“The Christmas Chronicles 2” is a family-oriented film, perfect for enjoying with your loved ones this holiday season. The Netflix original and sequel to “The Christmas Chronicles” emphasizes why it is important to believe in yourself and one another, and to never forget what it means to be a “true believer.”
To celebrate the 100th year of the Windsor's reign, Netflix released “The Royal House of Windsor” in 2017. The docuseries explains and examines the lives of the royal family using never-before-seen televised documents including letters, photographs and video evidence.
If you were to randomly select a Hallmark Christmas title, odds are that the cover work would include a smiling, straight white couple dressed in green and red. It’s no secret that most Christmas movies aren’t known for diverse and complex plots. With the release of “Happiest Season” on Hulu, this genre added some much needed LGBTQ+ content to its portfolio. “Happiest Season” is a brand-new film that, for the first time, features a lesbian couple.
“American Vandal” nostalgically epitomizes modern American high school, backing painfully familiar memories to college students. As a Netflix crime mockumentary, the two seasons follow high school students in pursuit of a different “vandal,” venturing deep into high school drama and uncovering seriously funny scandals.
Ava Max is an up-and-coming singer/songwriter best known for her single, “Sweet But Psycho.” Following her hit song that was released in August of 2018 and has topped the charts since, she started recording her debut album “Heaven & Hell” which the 26-year-old released on Sept. 18.
Most people know Machine Gun Kelly as the rapper who traded diss tracks with Eminem, or as the artist on “Bad Things,” the chart-topping hit he had alongside Camila Cabello, that took over airwaves between late 2016 and early 2017.
If it weren’t for Brandon Flower’s chiseled punk guyliner and sultry voice, I probably would have tried to move on from 00’s rock bands. The Killers have been held in limbo for quite some time in the midst of these trying times, so why not shoot 2020 in the foot and release their new album, “Imploding the Mirage?” But this foot sets off running with quite an explosive array of figments in a time capsule.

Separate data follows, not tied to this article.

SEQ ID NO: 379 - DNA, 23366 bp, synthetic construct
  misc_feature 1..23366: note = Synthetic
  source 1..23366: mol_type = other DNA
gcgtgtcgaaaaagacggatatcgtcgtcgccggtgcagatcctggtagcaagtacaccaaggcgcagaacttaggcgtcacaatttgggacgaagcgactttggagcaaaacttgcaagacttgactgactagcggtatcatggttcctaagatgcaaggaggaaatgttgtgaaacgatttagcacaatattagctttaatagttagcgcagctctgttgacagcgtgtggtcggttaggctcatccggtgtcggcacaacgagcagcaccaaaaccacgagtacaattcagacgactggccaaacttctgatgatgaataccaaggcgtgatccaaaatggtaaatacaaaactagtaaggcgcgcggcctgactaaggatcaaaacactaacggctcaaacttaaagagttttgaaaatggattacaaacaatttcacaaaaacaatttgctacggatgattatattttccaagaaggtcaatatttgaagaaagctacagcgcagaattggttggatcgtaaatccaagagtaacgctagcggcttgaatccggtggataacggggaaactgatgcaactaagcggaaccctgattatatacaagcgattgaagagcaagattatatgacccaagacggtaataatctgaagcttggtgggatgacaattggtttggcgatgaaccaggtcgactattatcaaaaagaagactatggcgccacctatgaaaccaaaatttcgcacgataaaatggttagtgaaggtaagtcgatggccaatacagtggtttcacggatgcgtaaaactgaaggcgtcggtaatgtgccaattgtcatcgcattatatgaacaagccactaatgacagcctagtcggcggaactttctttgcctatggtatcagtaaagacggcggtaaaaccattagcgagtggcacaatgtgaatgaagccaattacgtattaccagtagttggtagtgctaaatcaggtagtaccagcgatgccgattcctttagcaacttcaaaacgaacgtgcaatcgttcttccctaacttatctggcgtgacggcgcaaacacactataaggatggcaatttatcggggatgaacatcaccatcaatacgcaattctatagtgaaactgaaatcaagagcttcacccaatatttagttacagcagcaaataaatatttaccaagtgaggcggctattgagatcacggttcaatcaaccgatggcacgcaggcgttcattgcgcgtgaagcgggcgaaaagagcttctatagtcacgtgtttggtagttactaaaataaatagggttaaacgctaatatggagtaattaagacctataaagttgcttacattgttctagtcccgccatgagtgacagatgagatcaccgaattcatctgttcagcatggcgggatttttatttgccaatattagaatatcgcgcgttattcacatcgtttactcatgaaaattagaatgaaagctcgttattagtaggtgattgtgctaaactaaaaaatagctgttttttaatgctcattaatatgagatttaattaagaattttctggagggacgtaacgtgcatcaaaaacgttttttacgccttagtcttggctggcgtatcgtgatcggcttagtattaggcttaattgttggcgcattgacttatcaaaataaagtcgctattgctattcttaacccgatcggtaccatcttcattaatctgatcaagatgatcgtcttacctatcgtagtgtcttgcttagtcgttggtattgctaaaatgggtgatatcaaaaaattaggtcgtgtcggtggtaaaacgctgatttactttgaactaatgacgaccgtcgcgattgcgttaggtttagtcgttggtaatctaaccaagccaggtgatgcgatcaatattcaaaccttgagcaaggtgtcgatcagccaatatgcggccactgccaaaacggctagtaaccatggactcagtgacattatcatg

In a time where it seems like the world could be ending any day now, the second season of “The Umbrella Academy” couldn’t have hit Netflix at a better time. The live-action adaptation of the 2016 graphic novel by My Chemical Romance lead singer, Gerard Way, returned July 31, throwing returning fans and newcomers into a binging frenzy.
The documentary included commentary from a few of the victims’ families, specifically from the families of 7-year-old Daniel Barden, 6-year-old Dylan Hockley and 6-year-old Benjamin Wheeler. Each of the families discuss how their lives have changed since the tragedy and how they plan to live for their children and honor their memories.
Noname’s use of this genre as a staple of her music marks a key difference in her style of rap in comparison to other popular female hip-hop artists. In short, it allows her to do what so many others in the genre fail to do in their attempts to mimic their more mainstream predecessors. She does not try to rap in the harsh, aggressive ways that are characteristic of some prominent female rappers like Iggy Azalea and Nicki Minaj, and the result is something raw and genuine, a refreshing and honest work of art.
The Netflix adaptation is not a failure in any sense, but it doesn’t quite hit its mark. The suspenseful storyline, coupled with the star-crossed lovers theme and controversial subject matter, all but ensure the popularity of the series.
These lyrical themes are evident from the first track on the album, “For My Pethis track, Joey raps about how difficult it can be growing up black in America. It’s a great opening track, and its calming, yet upbeat production draws the listener in with soft synthesizers and horns behind a groovy drum rhythm. His lyrics also seem to summarize the purpose of the album.
“Music is a form of expression,” Joey raps. “Imma use mine just to teach you a lesson.”
The majority of the songs were still very enjoyable even if the sound was a little repetitive. You can hear little bits of “I Want Something Just Like This,” featuring Coldplay, in the group’s other tracks like “Don’t Say” and “Bloodstream.” But the consistency isn’t bad. It gives off a relaxed pop sound.